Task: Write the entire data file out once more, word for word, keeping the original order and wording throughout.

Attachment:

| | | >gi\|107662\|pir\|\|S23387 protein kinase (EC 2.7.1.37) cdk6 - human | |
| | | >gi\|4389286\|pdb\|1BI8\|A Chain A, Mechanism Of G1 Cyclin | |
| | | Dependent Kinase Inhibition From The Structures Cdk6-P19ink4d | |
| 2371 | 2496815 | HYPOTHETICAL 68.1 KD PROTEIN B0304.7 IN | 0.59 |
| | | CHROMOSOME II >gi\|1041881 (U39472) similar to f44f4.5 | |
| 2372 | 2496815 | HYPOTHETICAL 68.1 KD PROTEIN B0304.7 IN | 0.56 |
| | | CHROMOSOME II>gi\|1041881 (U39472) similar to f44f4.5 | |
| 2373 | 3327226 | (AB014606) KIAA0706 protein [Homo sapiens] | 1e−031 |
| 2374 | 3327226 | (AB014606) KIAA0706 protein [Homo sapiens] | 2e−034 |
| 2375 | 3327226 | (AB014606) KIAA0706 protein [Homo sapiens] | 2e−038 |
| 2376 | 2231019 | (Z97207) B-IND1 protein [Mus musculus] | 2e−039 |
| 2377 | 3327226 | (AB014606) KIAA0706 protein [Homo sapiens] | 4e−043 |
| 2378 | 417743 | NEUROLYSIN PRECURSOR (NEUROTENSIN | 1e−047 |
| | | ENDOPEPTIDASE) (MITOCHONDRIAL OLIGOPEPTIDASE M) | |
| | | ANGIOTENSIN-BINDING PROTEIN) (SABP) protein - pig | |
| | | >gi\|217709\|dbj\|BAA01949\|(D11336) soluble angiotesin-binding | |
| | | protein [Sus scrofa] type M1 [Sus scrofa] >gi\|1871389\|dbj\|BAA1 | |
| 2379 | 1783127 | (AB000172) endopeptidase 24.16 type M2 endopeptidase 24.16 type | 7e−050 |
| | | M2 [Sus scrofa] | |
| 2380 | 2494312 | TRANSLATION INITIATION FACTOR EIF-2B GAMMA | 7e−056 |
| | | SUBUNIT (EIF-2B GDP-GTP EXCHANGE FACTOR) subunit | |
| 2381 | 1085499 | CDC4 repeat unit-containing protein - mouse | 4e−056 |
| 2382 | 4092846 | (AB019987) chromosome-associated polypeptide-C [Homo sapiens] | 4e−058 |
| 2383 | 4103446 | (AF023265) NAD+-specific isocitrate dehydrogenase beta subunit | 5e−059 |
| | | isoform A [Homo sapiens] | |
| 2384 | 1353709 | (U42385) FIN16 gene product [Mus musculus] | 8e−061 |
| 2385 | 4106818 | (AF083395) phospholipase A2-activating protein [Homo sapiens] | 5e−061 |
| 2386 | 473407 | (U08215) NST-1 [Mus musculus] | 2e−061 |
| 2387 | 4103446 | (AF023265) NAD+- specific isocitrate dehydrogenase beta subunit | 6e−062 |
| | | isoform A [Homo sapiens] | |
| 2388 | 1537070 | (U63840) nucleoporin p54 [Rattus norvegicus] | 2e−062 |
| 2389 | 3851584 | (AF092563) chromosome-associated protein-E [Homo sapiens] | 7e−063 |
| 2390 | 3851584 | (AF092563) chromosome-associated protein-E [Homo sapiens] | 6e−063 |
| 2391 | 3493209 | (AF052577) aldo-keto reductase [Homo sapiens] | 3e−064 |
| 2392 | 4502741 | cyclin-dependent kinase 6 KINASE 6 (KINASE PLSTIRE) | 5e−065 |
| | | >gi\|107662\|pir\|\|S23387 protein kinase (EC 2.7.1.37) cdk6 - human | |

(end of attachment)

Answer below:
| | | >gi\|107662\|pir\|\|S23387 protein kinase (EC 2.7.1.37) cdk6 - human | |
| | | >gi\|4389286\|pdb\|1BI8\|A Chain A, Mechanism Of G1 Cyclin | |
| | | Dependent Kinase Inhibition From The Structures Cdk6-P19ink4d | |
| 2371 | 2496815 | HYPOTHETICAL 68.1 KD PROTEIN B0304.7 IN | 0.59 |
| | | CHROMOSOME II >gi\|1041881 (U39472) similar to f44f4.5 | |
| 2372 | 2496815 | HYPOTHETICAL 68.1 KD PROTEIN B0304.7 IN | 0.56 |
| | | CHROMOSOME II>gi\|1041881 (U39472) similar to f44f4.5 | |
| 2373 | 3327226 | (AB014606) KIAA0706 protein [Homo sapiens] | 1e−031 |
| 2374 | 3327226 | (AB014606) KIAA0706 protein [Homo sapiens] | 2e−034 |
| 2375 | 3327226 | (AB014606) KIAA0706 protein [Homo sapiens] | 2e−038 |
| 2376 | 2231019 | (Z97207) B-IND1 protein [Mus musculus] | 2e−039 |
| 2377 | 3327226 | (AB014606) KIAA0706 protein [Homo sapiens] | 4e−043 |
| 2378 | 417743 | NEUROLYSIN PRECURSOR (NEUROTENSIN | 1e−047 |
| | | ENDOPEPTIDASE) (MITOCHONDRIAL OLIGOPEPTIDASE M) | |
| | | ANGIOTENSIN-BINDING PROTEIN) (SABP) protein - pig | |
| | | >gi\|217709\|dbj\|BAA01949\|(D11336) soluble angiotesin-binding | |
| | | protein [Sus scrofa] type M1 [Sus scrofa] >gi\|1871389\|dbj\|BAA1 | |
| 2379 | 1783127 | (AB000172) endopeptidase 24.16 type M2 endopeptidase 24.16 type | 7e−050 |
| | | M2 [Sus scrofa] | |
| 2380 | 2494312 | TRANSLATION INITIATION FACTOR EIF-2B GAMMA | 7e−056 |
| | | SUBUNIT (EIF-2B GDP-GTP EXCHANGE FACTOR) subunit | |
| 2381 | 1085499 | CDC4 repeat unit-containing protein - mouse | 4e−056 |
| 2382 | 4092846 | (AB019987) chromosome-associated polypeptide-C [Homo sapiens] | 4e−058 |
| 2383 | 4103446 | (AF023265) NAD+-specific isocitrate dehydrogenase beta subunit | 5e−059 |
| | | isoform A [Homo sapiens] | |
| 2384 | 1353709 | (U42385) FIN16 gene product [Mus musculus] | 8e−061 |
| 2385 | 4106818 | (AF083395) phospholipase A2-activating protein [Homo sapiens] | 5e−061 |
| 2386 | 473407 | (U08215) NST-1 [Mus musculus] | 2e−061 |
| 2387 | 4103446 | (AF023265) NAD+- specific isocitrate dehydrogenase beta subunit | 6e−062 |
| | | isoform A [Homo sapiens] | |
| 2388 | 1537070 | (U63840) nucleoporin p54 [Rattus norvegicus] | 2e−062 |
| 2389 | 3851584 | (AF092563) chromosome-associated protein-E [Homo sapiens] | 7e−063 |
| 2390 | 3851584 | (AF092563) chromosome-associated protein-E [Homo sapiens] | 6e−063 |
| 2391 | 3493209 | (AF052577) aldo-keto reductase [Homo sapiens] | 3e−064 |
| 2392 | 4502741 | cyclin-dependent kinase 6 KINASE 6 (KINASE PLSTIRE) | 5e−065 |
| | | >gi\|107662\|pir\|\|S23387 protein kinase (EC 2.7.1.37) cdk6 - human | |